Publicity ... How To Get Your Press Release Published.

By Paul Quinn, © 2003


In the last issue of our newsletter we provided a seven-step methodology to help your agency gain media coverage:

Step 1: Identify a niche
Step 2: Set objectives
Step 3: Identify your audience
Step 4: Decide what to say
Step 5: Develop a media plan
Step 6: Reach out to the media and send your release
Step 7: Measure the results

Included in the previous article was a list of media angles that might Tickle the Media's Fancy. In this issue we provide the do's and don'ts of release writing to increase the chances that your release will be published:

Do … grab attention with your headline
The headline convinces the reader whether or not they should bother to read on. Short, active, and descriptive headlines create interest.

Do … ensure key messages are consistent with your brand positioning
Ensure that the positive aspects of your brand are reinforced by the messages that you send to your audience through your release. For example, if your brand is positioned as a leader in providing innovative recruitment solutions don't send out a release that shows your agency providing a solution that has been available for years. Instead find a new angle that shows how your agency has added value to the "old" solution.

Do … put the most important information first
Get straight to the point in your first paragraph. Make sure you summarise your key messages up front because many people won't read beyond the first paragraph.

Do … include all the "5 W's and the H"
Your release should provide answers to Who, What, When, Where, Why and How.

Do … provide relevant, useful, and specific information
Consider everything you write from the reader's perspective. Ask yourself, 'Is this interesting, relevant and useful to my audience? Have I provided enough detail so my audience can easily visualise or understand what I'm writing about?' If it isn't useful or relevant to the audience change your angle. And if it isn't easy to understand then rewrite the release.

Do … substantiate benefits and other claims to fame
"We are the best …", "we are the biggest …" … claims such as these are easily made and just as easily dismissed by your audience. Substantiate each claim you make with facts. Use quotes, examples or analogies that show how people have benefited from the information, product, service or event.

Do … practice being concise
Use active language that is clear and concise otherwise you run the risk of boring your audience before you get your message across. So, avoid passive terms and speaking in the past tense.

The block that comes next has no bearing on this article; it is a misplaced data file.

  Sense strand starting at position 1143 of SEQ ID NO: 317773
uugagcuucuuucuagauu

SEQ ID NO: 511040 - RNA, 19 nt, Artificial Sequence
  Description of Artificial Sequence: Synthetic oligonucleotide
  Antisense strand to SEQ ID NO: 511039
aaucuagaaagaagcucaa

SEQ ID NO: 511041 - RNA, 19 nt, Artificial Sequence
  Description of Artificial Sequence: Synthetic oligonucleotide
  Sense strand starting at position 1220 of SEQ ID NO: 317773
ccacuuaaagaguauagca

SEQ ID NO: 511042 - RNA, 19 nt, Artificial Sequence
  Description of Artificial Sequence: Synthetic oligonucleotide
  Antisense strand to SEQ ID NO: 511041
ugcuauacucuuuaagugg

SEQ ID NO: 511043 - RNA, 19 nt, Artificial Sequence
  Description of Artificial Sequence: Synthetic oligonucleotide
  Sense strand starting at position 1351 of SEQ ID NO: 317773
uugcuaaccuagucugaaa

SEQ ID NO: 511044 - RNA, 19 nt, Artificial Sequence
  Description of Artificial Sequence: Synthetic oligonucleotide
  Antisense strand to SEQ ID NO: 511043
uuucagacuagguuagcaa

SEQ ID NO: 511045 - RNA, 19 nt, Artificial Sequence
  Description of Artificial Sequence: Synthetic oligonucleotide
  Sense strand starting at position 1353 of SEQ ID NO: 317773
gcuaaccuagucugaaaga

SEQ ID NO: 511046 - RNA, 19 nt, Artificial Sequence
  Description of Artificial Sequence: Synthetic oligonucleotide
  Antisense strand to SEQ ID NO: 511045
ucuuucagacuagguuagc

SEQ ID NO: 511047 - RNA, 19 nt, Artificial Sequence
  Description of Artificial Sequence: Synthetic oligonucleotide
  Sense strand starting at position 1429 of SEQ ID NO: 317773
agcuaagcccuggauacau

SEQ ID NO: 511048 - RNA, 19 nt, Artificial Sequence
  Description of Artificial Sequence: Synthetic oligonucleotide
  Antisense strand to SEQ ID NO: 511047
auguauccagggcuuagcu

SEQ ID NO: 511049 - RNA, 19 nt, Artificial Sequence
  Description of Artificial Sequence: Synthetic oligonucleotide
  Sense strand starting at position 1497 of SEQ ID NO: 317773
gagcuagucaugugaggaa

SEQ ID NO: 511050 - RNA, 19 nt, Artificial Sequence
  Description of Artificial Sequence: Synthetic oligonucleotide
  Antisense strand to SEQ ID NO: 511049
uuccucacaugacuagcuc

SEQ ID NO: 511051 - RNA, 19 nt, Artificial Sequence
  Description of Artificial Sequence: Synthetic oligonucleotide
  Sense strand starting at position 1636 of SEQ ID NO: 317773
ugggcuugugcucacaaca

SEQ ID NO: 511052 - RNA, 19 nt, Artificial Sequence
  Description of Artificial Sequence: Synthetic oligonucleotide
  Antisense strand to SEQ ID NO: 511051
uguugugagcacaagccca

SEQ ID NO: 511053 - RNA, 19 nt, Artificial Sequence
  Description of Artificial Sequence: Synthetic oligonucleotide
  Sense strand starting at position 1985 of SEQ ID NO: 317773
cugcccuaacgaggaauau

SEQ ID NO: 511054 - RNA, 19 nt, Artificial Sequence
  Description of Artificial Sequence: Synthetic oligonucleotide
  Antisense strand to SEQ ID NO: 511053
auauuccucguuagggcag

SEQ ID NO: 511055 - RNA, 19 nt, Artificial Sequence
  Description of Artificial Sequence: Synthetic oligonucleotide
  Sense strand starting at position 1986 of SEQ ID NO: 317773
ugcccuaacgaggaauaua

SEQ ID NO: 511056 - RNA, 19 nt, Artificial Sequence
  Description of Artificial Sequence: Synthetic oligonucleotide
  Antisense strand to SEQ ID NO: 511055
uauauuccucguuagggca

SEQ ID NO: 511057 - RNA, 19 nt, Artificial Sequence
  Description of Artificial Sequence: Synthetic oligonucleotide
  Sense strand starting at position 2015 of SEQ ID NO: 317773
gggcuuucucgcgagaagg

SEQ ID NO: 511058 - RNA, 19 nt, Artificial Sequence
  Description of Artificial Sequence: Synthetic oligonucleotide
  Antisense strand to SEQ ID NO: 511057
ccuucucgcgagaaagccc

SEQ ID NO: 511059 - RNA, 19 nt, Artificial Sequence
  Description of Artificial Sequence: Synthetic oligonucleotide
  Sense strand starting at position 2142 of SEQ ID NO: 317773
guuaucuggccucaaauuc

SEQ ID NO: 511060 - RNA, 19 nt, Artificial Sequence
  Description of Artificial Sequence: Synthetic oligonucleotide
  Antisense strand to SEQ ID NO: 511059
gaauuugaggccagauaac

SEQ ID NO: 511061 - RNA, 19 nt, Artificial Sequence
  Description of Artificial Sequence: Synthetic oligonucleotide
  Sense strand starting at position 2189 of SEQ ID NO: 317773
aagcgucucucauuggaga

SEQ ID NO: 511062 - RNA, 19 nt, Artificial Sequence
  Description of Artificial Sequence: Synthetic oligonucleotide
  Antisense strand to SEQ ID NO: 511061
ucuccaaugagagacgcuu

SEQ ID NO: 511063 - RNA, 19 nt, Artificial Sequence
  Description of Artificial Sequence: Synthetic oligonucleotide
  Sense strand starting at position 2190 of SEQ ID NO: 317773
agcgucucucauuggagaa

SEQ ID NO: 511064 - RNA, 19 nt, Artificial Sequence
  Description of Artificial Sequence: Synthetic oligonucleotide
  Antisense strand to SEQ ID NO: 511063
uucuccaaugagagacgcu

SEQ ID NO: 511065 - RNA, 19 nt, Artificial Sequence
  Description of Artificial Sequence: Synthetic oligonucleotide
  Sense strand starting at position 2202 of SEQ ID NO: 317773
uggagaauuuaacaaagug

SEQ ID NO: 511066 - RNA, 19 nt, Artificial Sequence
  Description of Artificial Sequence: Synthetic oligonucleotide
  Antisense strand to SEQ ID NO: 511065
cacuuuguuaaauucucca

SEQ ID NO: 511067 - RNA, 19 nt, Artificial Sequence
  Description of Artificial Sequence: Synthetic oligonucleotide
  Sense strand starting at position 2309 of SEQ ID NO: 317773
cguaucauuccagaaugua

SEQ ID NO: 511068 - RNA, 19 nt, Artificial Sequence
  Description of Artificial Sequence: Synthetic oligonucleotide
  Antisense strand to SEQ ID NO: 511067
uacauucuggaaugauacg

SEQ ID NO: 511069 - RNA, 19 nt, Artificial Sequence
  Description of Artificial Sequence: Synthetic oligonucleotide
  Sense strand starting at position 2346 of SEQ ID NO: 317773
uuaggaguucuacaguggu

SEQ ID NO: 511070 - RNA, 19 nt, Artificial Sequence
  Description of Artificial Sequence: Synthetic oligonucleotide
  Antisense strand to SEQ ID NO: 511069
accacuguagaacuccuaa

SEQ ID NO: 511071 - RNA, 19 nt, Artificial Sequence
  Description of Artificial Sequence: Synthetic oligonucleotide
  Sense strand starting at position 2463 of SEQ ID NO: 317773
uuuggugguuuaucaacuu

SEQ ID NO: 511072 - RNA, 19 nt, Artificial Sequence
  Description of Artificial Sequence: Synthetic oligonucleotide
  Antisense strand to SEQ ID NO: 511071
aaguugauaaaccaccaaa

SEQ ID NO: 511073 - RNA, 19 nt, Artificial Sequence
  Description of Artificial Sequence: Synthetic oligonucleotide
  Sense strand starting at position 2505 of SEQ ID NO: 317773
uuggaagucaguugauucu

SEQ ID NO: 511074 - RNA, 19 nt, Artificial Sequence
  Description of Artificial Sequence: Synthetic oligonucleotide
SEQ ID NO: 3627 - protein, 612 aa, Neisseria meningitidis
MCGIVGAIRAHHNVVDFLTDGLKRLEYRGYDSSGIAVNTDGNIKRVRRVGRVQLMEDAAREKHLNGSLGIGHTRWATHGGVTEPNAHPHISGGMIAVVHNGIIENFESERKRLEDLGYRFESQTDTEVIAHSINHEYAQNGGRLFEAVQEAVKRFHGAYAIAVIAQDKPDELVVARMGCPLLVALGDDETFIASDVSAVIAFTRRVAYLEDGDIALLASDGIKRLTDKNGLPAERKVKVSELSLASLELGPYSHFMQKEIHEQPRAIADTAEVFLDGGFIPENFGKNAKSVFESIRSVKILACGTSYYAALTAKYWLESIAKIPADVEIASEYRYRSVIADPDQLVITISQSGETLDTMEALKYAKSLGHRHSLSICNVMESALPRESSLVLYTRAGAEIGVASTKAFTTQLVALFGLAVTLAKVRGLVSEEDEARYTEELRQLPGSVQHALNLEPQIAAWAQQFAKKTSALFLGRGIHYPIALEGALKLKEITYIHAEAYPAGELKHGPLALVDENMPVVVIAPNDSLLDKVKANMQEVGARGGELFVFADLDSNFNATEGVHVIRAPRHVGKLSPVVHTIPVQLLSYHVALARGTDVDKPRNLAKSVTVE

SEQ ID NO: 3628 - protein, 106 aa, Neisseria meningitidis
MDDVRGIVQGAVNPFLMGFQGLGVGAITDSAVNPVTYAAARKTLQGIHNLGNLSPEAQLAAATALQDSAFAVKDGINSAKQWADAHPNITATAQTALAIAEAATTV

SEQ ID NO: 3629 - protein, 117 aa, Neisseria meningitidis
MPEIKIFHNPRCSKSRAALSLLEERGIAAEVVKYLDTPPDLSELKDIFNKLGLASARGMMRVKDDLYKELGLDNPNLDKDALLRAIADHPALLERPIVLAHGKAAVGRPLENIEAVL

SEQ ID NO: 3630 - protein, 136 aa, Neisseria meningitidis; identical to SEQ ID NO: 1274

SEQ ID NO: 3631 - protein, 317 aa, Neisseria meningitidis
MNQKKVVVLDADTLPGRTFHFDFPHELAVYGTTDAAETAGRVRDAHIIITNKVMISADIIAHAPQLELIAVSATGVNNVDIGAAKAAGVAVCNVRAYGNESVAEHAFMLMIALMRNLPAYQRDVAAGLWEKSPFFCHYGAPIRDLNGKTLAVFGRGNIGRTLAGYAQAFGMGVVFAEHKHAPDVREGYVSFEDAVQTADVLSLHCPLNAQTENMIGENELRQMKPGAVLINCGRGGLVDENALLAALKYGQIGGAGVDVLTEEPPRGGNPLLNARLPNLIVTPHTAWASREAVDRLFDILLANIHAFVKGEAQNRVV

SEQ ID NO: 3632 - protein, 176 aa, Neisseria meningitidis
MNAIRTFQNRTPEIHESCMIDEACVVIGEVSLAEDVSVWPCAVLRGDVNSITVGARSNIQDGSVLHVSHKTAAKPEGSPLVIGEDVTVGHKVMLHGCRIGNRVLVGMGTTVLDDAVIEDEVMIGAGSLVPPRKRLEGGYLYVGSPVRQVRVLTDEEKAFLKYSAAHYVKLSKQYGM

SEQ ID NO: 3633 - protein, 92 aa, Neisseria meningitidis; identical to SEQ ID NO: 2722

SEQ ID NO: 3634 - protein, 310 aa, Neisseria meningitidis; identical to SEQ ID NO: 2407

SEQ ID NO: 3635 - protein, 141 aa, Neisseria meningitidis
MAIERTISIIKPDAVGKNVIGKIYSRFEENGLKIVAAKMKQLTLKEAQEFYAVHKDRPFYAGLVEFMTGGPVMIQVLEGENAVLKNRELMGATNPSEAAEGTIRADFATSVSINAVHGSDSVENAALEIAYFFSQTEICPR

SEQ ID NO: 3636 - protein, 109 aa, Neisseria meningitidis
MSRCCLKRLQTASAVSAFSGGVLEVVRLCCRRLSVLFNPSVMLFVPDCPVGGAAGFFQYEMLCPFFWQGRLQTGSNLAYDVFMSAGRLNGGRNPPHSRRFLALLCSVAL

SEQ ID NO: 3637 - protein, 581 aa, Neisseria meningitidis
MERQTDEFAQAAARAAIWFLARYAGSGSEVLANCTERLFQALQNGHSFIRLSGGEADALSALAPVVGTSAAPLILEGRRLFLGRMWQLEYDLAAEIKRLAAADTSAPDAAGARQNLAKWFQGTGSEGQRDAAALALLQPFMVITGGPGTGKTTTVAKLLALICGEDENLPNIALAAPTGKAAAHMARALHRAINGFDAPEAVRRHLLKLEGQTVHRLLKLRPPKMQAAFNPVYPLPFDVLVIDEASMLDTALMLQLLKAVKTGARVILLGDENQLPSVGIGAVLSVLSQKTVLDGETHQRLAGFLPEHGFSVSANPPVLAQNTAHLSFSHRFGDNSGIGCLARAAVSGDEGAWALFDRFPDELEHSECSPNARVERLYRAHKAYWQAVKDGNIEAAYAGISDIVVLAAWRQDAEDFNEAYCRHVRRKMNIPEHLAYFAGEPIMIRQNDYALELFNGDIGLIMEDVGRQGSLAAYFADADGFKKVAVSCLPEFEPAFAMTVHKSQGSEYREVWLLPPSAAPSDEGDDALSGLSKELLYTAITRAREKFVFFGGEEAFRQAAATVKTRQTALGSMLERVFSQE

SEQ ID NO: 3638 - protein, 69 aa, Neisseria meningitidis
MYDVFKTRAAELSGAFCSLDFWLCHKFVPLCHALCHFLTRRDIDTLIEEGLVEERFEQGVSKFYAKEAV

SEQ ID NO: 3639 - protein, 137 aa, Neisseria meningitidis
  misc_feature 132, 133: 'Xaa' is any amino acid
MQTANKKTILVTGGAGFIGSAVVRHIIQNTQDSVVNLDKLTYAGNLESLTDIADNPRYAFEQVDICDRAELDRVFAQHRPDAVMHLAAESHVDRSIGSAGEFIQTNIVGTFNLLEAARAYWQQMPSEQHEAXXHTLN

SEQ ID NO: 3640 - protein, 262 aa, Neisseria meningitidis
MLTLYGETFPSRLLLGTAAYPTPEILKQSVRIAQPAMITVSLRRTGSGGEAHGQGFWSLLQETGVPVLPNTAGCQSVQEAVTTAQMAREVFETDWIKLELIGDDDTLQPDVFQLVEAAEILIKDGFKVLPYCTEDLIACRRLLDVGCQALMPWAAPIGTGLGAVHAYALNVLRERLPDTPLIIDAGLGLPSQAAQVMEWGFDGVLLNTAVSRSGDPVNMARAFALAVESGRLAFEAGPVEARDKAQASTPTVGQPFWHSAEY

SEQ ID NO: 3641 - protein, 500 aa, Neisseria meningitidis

Do … include a "call to action"
Ask your audience to take a course of action. For example, "for more information about the new workforce diversity initiative visit www.xyz.com.au". If you integrate the call to action with a measurement program to monitor response rates it will further enable you to measure the success of your release. However, be sure to avoid making your call to action a blatant sales pitch.

Do … carefully check your article for spelling and punctuation
Your release should not add to an editor's workload. Indeed, in order for the release to be a win/win the editor should not have to do much at all. Certainly having to correct basic spelling mistakes in your release will not encourage the editor to run with your story.

Do … include contact information and a brief description of your company
The editor may want more information from you so remember to include your contact details and an invitation for the editor to contact you for additional information or an interview. And if someone else is going to be the contact person for the release make sure they know when the release has been sent and that they understand the key messages your organisation wants to promote.

Do … treat the media like a key client
If the media ask for additional information make sure you understand the date (and time) the information is required for and then deliver to this timeframe. If you fail to do this, it's unlikely you'll be given a second chance.

Don't … write an advertorial in the guise of a media release
There is a difference between news and an advertorial. Advertorials offer you an opportunity to be more blatant about selling your services. Make sure your release is newsworthy and that you remove any blatant selling.

Don't … write a press release longer than two pages
One page is best. If you haven't been able to summarise your key messages in one page chances are there are too many messages (you should limit yourself to 3-5 key messages) or you have not been concise enough in your explanation.

Don't … use jargon or acronyms
You want your audience to understand what you are saying so use standard English to communicate with them. Remove jargon or acronyms that could be confusing.

If you follow these simple guidelines your media release will have a better chance of being published. And the more positive media coverage you can generate for your agency over a sustained period the more aware your target audience will become of your brand.


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